“Our customer base is so committed: They’re high-patronage loyal customers,” he said. “We know their names; we know their lives; we’ve known them for years and years and years.”
Hundreds of customers have expressed support for the pharmacy, and Stage hopes to rebuild it by next year. Forgiving the perpetrators was his first reaction, he said.
“I didn’t have any cause to not forgive them,” Stage said. “I know that’s part of healing. The first step is to forgive; now, we can start the healing process and let God do his work.”
When asked if he thinks the neighborhood near his south Minneapolis parish, St. Albert the Great, will heal quickly from extensive riot damage, Dominican Father Joseph Gillespie, the pastor, responded, “I think we will because it’s more than just a neighborhood. It really is a family and a parish, as well.”
A burned business on East Lake Street in Minneapolis.
Every day, Father Gillespie walks past the remains of businesses and institutions on East Lake Street that were damaged during nights of rioting. He talks with business owners he has known for several decades who aren’t Catholic but who advertise in his parish’s bulletin. Located a block off East Lake, the parish church wasn’t hit.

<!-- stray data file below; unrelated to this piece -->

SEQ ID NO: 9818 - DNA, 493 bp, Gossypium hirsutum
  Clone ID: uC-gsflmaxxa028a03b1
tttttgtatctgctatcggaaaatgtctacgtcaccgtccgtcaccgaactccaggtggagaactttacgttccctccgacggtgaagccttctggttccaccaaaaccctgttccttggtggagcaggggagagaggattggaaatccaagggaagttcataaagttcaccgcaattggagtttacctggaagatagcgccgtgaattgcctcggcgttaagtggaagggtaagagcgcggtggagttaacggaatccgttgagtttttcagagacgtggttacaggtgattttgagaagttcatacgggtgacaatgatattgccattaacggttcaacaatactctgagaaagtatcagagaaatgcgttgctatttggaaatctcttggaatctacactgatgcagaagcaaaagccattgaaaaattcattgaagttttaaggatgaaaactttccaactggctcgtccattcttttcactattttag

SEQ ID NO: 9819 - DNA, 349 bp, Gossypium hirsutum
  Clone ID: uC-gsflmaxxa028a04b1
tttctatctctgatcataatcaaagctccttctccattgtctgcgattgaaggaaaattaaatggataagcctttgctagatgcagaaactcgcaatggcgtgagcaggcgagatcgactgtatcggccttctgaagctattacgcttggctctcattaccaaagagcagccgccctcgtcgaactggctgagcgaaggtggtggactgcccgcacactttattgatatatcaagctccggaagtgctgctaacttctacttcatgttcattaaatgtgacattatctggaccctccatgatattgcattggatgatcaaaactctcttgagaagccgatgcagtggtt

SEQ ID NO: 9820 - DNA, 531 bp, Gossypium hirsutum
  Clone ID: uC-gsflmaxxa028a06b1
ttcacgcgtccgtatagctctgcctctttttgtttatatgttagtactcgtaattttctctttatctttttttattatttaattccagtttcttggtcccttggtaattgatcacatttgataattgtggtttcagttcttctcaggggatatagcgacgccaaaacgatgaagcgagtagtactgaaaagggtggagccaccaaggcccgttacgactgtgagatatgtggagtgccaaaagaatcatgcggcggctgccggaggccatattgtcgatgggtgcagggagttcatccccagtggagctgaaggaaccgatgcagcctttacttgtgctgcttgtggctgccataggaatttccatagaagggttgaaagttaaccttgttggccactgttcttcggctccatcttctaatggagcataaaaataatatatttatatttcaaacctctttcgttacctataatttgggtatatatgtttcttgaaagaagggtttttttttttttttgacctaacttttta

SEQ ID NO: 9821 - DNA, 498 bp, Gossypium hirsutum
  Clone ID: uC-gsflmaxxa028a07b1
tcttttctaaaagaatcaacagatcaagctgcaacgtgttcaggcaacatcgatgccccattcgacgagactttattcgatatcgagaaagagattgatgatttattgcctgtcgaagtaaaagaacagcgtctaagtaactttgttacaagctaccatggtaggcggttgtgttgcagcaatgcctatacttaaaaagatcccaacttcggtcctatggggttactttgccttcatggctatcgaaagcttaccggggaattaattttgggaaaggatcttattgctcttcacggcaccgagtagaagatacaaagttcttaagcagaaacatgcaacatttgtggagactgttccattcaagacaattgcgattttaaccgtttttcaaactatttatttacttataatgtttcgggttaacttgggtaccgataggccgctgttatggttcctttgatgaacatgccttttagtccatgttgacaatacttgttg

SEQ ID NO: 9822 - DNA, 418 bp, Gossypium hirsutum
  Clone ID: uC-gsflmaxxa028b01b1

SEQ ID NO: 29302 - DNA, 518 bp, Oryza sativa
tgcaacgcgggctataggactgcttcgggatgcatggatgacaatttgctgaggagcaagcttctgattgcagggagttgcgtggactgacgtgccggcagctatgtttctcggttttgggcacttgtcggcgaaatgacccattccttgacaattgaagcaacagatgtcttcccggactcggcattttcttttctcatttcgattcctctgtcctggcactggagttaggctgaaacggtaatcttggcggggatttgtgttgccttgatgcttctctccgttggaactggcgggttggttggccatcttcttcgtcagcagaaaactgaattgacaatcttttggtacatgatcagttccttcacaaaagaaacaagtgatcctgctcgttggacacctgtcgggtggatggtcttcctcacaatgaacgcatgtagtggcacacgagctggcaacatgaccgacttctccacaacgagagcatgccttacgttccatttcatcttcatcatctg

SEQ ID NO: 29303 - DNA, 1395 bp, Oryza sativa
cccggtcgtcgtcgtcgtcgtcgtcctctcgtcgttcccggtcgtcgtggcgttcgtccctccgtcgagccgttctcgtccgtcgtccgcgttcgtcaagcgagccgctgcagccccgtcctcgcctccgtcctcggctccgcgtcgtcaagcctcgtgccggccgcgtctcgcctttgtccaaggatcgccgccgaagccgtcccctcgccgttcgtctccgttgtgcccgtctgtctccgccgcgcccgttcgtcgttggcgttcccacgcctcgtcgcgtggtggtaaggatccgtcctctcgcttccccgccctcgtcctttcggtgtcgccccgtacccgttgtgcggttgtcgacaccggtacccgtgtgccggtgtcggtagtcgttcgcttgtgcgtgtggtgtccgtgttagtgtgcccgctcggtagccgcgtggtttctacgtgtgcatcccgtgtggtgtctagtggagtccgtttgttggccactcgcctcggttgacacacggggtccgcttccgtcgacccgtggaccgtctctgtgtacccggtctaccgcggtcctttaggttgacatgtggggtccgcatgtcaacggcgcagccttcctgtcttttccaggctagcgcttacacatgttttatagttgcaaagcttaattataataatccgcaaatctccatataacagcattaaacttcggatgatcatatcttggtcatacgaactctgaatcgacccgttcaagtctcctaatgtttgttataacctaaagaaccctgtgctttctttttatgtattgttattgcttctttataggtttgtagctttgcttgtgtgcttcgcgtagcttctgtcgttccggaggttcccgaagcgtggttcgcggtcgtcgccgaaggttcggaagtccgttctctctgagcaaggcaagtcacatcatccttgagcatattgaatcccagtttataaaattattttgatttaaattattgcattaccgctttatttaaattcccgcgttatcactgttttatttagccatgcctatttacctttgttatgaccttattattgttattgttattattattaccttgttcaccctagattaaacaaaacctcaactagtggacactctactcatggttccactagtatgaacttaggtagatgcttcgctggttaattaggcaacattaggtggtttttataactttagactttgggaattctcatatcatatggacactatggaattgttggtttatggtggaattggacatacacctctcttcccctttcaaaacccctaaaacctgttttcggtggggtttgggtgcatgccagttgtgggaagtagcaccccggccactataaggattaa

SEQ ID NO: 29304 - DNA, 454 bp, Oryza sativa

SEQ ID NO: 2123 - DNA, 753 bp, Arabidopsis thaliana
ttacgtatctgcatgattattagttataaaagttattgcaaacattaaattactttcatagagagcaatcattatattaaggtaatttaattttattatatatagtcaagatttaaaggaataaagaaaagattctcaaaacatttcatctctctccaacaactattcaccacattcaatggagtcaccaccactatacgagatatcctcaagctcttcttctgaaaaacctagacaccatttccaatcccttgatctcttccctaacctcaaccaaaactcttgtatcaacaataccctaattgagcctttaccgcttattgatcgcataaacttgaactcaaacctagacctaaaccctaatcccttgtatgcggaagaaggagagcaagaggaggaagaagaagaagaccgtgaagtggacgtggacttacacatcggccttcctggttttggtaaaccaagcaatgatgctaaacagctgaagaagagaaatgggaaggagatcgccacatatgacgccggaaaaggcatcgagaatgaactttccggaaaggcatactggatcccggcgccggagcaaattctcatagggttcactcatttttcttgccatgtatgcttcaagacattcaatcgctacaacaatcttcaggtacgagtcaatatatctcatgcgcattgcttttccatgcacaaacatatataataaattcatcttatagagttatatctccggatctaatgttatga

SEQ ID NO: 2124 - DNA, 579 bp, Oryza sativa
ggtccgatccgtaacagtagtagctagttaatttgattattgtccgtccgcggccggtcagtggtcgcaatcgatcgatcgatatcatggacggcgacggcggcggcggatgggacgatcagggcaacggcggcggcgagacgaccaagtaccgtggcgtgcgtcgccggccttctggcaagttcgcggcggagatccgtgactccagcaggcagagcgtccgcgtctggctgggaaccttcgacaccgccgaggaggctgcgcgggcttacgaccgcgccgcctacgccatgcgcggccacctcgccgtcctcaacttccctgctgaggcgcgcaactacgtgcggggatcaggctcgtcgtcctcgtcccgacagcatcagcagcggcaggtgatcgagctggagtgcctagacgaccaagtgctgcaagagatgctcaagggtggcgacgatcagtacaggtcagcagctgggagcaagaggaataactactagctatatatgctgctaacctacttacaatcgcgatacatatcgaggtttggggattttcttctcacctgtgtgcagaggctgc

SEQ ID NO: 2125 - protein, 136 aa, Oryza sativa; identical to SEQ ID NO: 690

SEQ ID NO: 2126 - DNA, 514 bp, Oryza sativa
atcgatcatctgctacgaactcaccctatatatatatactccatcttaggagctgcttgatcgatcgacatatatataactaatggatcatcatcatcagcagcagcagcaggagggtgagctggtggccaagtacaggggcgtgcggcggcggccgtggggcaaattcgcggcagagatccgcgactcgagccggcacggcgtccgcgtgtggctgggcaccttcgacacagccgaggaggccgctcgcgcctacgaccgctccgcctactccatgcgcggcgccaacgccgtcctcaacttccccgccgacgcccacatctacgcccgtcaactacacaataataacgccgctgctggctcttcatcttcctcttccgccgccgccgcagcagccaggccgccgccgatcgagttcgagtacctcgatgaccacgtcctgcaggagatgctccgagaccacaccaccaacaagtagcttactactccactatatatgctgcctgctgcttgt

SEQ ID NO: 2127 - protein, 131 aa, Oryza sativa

“When you know the merchants and you can just feel their pain, it’s a real exchange of empathy,” he told the Register, “not so much words as it is just a sense of being there with each other.”
Not far down the street, a Walgreens, post office and police precinct were burned down on nights when there didn’t seem to be police in the area, Father Gillespie said.
“It was a rampage; there were fires everywhere,” he said. “You just didn’t know what group would be coming out on the street next, throwing a rock or Molotov cocktail into your building.”
This trauma, along with the difficulties of COVID-19, has encouraged neighbors to rely on each other more, he said. “I have a hunch, if anything, it has made the community a stronger enterprise,” he said.